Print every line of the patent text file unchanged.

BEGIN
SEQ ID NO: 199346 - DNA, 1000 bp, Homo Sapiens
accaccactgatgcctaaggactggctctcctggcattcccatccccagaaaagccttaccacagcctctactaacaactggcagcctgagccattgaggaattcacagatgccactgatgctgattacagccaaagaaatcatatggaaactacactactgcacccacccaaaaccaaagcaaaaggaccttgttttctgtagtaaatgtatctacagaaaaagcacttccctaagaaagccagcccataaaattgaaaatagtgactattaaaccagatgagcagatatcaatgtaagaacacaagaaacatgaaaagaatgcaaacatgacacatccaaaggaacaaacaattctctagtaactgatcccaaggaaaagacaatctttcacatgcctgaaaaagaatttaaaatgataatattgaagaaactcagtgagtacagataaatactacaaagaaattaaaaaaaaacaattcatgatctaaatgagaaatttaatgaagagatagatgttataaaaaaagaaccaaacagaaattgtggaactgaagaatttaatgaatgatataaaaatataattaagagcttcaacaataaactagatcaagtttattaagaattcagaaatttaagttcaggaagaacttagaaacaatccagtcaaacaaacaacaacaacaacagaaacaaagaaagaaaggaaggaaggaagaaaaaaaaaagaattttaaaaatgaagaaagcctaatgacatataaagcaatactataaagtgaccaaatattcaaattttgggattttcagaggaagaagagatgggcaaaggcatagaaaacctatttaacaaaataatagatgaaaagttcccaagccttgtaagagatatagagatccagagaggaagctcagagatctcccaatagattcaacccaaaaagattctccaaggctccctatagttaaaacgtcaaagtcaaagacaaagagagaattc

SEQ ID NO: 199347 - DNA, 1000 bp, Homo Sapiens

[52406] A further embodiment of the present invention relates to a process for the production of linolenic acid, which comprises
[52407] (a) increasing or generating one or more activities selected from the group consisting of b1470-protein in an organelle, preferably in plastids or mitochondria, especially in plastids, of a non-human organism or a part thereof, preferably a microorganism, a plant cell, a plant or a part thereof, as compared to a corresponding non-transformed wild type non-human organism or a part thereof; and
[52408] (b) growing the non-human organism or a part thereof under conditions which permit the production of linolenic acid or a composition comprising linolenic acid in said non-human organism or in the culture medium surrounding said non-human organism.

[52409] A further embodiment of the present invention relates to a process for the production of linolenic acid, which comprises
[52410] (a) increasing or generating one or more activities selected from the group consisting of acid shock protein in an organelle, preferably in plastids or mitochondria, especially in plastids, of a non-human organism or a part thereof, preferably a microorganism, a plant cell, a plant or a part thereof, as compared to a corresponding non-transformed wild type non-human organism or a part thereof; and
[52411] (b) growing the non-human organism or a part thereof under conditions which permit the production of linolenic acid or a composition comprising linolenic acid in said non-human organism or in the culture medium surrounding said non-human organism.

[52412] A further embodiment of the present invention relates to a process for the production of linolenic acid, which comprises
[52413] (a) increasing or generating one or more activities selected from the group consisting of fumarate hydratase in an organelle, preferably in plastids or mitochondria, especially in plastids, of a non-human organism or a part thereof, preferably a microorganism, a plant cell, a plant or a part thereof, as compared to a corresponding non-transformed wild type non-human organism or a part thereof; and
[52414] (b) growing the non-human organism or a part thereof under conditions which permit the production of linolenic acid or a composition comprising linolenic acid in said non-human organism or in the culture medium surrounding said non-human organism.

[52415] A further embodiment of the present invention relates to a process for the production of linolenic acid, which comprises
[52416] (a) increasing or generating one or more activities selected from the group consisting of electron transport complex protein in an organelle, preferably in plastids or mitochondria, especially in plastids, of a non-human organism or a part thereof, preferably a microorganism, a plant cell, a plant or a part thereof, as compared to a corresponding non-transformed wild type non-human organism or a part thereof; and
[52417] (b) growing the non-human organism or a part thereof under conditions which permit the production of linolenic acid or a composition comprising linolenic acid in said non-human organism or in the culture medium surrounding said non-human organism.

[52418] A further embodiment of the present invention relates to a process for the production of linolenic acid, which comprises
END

SEQ ID NO: 199346 - DNA, 1000 bp, Homo Sapiens
accaccactgatgcctaaggactggctctcctggcattcccatccccagaaaagccttaccacagcctctactaacaactggcagcctgagccattgaggaattcacagatgccactgatgctgattacagccaaagaaatcatatggaaactacactactgcacccacccaaaaccaaagcaaaaggaccttgttttctgtagtaaatgtatctacagaaaaagcacttccctaagaaagccagcccataaaattgaaaatagtgactattaaaccagatgagcagatatcaatgtaagaacacaagaaacatgaaaagaatgcaaacatgacacatccaaaggaacaaacaattctctagtaactgatcccaaggaaaagacaatctttcacatgcctgaaaaagaatttaaaatgataatattgaagaaactcagtgagtacagataaatactacaaagaaattaaaaaaaaacaattcatgatctaaatgagaaatttaatgaagagatagatgttataaaaaaagaaccaaacagaaattgtggaactgaagaatttaatgaatgatataaaaatataattaagagcttcaacaataaactagatcaagtttattaagaattcagaaatttaagttcaggaagaacttagaaacaatccagtcaaacaaacaacaacaacaacagaaacaaagaaagaaaggaaggaaggaagaaaaaaaaaagaattttaaaaatgaagaaagcctaatgacatataaagcaatactataaagtgaccaaatattcaaattttgggattttcagaggaagaagagatgggcaaaggcatagaaaacctatttaacaaaataatagatgaaaagttcccaagccttgtaagagatatagagatccagagaggaagctcagagatctcccaatagattcaacccaaaaagattctccaaggctccctatagttaaaacgtcaaagtcaaagacaaagagagaattc

SEQ ID NO: 199347 - DNA, 1000 bp, Homo Sapiens

[52406] A further embodiment of the present invention relates to a process for the production of linolenic acid, which comprises
[52407] (a) increasing or generating one or more activities selected from the group consisting of b1470-protein in an organelle, preferably in plastids or mitochondria, especially in plastids, of a non-human organism or a part thereof, preferably a microorganism, a plant cell, a plant or a part thereof, as compared to a corresponding non-transformed wild type non-human organism or a part thereof; and
[52408] (b) growing the non-human organism or a part thereof under conditions which permit the production of linolenic acid or a composition comprising linolenic acid in said non-human organism or in the culture medium surrounding said non-human organism.

[52409] A further embodiment of the present invention relates to a process for the production of linolenic acid, which comprises
[52410] (a) increasing or generating one or more activities selected from the group consisting of acid shock protein in an organelle, preferably in plastids or mitochondria, especially in plastids, of a non-human organism or a part thereof, preferably a microorganism, a plant cell, a plant or a part thereof, as compared to a corresponding non-transformed wild type non-human organism or a part thereof; and
[52411] (b) growing the non-human organism or a part thereof under conditions which permit the production of linolenic acid or a composition comprising linolenic acid in said non-human organism or in the culture medium surrounding said non-human organism.

[52412] A further embodiment of the present invention relates to a process for the production of linolenic acid, which comprises
[52413] (a) increasing or generating one or more activities selected from the group consisting of fumarate hydratase in an organelle, preferably in plastids or mitochondria, especially in plastids, of a non-human organism or a part thereof, preferably a microorganism, a plant cell, a plant or a part thereof, as compared to a corresponding non-transformed wild type non-human organism or a part thereof; and
[52414] (b) growing the non-human organism or a part thereof under conditions which permit the production of linolenic acid or a composition comprising linolenic acid in said non-human organism or in the culture medium surrounding said non-human organism.

[52415] A further embodiment of the present invention relates to a process for the production of linolenic acid, which comprises
[52416] (a) increasing or generating one or more activities selected from the group consisting of electron transport complex protein in an organelle, preferably in plastids or mitochondria, especially in plastids, of a non-human organism or a part thereof, preferably a microorganism, a plant cell, a plant or a part thereof, as compared to a corresponding non-transformed wild type non-human organism or a part thereof; and
[52417] (b) growing the non-human organism or a part thereof under conditions which permit the production of linolenic acid or a composition comprising linolenic acid in said non-human organism or in the culture medium surrounding said non-human organism.

[52418] A further embodiment of the present invention relates to a process for the production of linolenic acid, which comprises